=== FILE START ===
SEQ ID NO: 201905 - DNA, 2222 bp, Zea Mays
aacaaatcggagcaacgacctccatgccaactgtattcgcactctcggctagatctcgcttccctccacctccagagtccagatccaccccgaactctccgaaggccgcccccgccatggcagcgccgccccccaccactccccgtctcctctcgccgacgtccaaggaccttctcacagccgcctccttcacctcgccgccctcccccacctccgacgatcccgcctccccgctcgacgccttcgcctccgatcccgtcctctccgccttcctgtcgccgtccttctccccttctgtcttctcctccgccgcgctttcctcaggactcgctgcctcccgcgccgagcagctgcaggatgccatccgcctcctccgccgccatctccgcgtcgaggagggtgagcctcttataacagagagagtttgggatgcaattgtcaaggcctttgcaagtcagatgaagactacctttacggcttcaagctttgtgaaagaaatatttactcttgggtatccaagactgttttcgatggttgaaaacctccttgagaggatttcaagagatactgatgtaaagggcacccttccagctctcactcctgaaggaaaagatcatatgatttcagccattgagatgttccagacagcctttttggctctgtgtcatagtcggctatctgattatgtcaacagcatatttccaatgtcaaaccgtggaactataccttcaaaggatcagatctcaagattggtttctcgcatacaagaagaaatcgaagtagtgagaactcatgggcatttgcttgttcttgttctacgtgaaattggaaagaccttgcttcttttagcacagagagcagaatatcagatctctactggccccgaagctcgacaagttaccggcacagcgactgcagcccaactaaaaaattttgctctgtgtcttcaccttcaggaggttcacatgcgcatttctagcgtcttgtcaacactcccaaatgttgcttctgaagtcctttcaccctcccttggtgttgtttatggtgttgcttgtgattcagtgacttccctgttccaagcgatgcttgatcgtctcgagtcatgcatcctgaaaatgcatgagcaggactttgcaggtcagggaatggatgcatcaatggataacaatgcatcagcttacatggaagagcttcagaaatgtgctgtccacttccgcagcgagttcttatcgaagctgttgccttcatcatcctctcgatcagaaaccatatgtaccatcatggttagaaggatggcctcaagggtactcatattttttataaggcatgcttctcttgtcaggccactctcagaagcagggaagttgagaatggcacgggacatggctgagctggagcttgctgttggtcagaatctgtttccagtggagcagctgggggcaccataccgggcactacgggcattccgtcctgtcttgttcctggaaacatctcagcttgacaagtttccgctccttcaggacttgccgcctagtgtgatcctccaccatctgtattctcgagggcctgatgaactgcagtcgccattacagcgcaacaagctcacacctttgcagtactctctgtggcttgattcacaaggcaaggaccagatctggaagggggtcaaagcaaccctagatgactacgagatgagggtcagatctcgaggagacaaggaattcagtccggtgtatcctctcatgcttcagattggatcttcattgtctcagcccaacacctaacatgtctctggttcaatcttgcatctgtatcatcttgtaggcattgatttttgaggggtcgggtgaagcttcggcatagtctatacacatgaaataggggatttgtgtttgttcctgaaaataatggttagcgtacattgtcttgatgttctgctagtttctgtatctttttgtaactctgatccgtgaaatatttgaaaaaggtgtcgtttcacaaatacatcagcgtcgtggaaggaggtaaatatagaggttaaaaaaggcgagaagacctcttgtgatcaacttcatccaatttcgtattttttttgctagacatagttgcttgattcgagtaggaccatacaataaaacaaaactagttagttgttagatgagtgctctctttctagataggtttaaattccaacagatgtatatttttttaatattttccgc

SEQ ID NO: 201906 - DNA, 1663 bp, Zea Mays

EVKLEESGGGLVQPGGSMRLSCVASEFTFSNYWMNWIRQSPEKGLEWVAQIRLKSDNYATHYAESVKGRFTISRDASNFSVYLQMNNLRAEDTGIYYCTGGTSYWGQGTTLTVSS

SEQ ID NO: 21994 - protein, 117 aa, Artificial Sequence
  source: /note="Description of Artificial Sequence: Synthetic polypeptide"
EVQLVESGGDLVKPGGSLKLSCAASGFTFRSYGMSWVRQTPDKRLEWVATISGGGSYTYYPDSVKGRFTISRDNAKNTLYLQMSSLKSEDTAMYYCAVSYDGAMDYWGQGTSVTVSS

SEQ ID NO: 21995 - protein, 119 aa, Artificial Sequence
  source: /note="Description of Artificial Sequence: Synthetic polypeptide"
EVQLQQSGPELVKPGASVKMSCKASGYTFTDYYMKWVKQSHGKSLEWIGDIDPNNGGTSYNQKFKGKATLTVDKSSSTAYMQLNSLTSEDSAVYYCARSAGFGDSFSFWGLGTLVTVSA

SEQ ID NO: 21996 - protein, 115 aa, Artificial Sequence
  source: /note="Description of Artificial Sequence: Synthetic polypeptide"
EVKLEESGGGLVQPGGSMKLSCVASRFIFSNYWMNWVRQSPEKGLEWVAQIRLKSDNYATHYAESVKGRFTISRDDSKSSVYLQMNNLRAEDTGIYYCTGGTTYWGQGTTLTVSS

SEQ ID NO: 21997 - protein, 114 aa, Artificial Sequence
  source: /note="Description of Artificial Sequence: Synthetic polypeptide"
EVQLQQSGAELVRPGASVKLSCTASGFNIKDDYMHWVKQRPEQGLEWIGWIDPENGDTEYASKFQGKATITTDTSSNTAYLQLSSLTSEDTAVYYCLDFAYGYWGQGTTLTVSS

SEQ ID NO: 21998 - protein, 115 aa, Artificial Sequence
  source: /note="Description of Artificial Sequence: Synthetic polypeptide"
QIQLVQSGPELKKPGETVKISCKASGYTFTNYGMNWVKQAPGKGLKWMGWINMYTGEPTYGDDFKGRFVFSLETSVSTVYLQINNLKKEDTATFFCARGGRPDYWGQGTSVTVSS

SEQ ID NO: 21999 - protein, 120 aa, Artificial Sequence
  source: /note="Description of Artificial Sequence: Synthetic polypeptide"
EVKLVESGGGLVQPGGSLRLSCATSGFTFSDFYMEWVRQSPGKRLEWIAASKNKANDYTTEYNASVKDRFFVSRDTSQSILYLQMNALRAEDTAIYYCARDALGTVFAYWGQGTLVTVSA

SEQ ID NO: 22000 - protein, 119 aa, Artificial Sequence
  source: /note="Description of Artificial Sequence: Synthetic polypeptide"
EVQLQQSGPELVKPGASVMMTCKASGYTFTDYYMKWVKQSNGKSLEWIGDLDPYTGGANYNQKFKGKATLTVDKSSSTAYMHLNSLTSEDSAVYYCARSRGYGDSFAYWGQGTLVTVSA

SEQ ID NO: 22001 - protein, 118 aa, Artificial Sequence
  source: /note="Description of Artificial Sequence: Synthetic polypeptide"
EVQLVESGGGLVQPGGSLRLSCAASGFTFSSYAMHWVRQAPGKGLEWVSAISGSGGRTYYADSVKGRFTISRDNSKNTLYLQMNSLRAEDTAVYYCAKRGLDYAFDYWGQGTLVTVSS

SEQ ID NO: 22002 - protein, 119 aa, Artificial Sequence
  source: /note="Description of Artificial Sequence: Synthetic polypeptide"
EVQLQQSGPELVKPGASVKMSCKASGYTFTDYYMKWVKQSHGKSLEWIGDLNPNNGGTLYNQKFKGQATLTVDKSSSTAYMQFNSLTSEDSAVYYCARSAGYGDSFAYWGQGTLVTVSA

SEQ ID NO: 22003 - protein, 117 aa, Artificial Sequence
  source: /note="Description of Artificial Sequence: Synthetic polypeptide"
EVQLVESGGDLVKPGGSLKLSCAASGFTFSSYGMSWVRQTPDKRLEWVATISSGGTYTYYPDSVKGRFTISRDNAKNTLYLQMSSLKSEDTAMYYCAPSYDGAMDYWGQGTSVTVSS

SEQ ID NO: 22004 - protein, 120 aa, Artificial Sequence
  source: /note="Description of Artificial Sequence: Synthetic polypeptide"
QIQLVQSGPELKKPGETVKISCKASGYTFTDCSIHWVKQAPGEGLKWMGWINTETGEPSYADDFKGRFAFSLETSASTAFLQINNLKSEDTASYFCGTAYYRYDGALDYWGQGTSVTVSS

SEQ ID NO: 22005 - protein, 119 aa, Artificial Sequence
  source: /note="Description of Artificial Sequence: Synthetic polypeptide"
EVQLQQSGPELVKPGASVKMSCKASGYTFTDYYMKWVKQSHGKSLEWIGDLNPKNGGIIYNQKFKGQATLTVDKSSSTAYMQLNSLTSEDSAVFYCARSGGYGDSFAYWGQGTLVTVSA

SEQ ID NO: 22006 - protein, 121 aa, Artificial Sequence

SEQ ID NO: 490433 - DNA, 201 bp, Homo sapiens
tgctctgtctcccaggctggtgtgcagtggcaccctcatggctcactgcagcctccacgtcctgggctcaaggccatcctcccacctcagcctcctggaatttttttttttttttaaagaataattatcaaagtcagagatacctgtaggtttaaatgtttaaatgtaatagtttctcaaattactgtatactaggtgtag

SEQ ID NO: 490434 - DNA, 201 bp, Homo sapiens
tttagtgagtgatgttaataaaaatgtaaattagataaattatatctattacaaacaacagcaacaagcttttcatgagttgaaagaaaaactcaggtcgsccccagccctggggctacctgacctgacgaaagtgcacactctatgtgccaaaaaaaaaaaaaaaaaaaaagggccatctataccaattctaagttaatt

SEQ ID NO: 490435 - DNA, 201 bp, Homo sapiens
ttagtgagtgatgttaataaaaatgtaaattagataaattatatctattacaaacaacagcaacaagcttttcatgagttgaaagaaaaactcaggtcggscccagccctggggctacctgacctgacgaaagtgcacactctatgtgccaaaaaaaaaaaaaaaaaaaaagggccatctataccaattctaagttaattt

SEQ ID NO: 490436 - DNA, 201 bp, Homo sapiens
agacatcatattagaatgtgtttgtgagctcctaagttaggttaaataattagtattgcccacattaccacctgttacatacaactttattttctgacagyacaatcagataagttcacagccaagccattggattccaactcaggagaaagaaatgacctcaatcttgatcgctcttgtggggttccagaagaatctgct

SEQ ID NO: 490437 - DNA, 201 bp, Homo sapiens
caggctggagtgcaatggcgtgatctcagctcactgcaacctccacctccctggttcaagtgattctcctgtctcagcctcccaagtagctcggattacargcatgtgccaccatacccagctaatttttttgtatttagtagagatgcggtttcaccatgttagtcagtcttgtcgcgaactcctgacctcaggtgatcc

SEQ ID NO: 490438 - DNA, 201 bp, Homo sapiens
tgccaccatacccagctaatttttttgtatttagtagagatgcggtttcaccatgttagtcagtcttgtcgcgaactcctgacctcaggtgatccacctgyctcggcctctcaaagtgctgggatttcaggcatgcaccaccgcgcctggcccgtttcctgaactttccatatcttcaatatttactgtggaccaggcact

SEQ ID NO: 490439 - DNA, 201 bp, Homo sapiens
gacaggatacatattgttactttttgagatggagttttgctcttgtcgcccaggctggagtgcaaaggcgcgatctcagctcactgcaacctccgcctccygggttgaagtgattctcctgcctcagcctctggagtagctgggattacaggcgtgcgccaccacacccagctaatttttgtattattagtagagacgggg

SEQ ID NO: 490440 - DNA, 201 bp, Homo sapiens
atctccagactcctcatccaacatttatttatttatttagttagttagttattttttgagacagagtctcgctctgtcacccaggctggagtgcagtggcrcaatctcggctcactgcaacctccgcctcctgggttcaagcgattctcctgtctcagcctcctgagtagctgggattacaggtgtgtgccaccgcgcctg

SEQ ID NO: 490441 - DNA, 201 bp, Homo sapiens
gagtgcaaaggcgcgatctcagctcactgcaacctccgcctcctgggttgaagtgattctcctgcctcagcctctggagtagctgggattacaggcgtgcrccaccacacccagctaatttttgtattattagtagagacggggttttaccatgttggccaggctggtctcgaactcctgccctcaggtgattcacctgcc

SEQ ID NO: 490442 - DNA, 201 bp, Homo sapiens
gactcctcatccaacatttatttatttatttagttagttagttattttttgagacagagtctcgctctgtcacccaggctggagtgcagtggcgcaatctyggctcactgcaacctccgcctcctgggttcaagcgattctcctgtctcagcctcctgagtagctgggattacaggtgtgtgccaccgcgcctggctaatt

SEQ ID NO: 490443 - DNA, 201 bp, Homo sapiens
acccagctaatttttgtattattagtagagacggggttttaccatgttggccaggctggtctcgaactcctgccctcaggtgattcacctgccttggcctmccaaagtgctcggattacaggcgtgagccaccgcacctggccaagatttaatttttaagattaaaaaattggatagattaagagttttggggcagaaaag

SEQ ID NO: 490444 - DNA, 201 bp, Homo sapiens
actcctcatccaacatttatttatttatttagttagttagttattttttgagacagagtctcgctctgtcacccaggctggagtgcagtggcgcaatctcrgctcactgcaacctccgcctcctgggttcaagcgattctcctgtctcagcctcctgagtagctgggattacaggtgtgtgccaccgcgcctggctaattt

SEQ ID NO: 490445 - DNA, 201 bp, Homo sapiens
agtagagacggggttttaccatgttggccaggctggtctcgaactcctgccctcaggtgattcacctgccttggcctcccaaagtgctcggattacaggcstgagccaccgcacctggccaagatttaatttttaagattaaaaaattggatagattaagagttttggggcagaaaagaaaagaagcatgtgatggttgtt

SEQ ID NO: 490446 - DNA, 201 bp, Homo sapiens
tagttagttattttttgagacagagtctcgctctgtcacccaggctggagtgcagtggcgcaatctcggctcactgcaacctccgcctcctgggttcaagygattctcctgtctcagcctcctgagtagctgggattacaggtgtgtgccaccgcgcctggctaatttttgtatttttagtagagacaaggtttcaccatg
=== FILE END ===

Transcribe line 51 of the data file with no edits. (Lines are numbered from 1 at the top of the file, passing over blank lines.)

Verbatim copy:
caggctggagtgcaatggcgtgatctcagctcactgcaacctccacctccctggttcaagtgattctcctgtctcagcctcccaagtagctcggattacargcatgtgccaccatacccagctaatttttttgtatttagtagagatgcggtttcaccatgttagtcagtcttgtcgcgaactcctgacctcaggtgatcc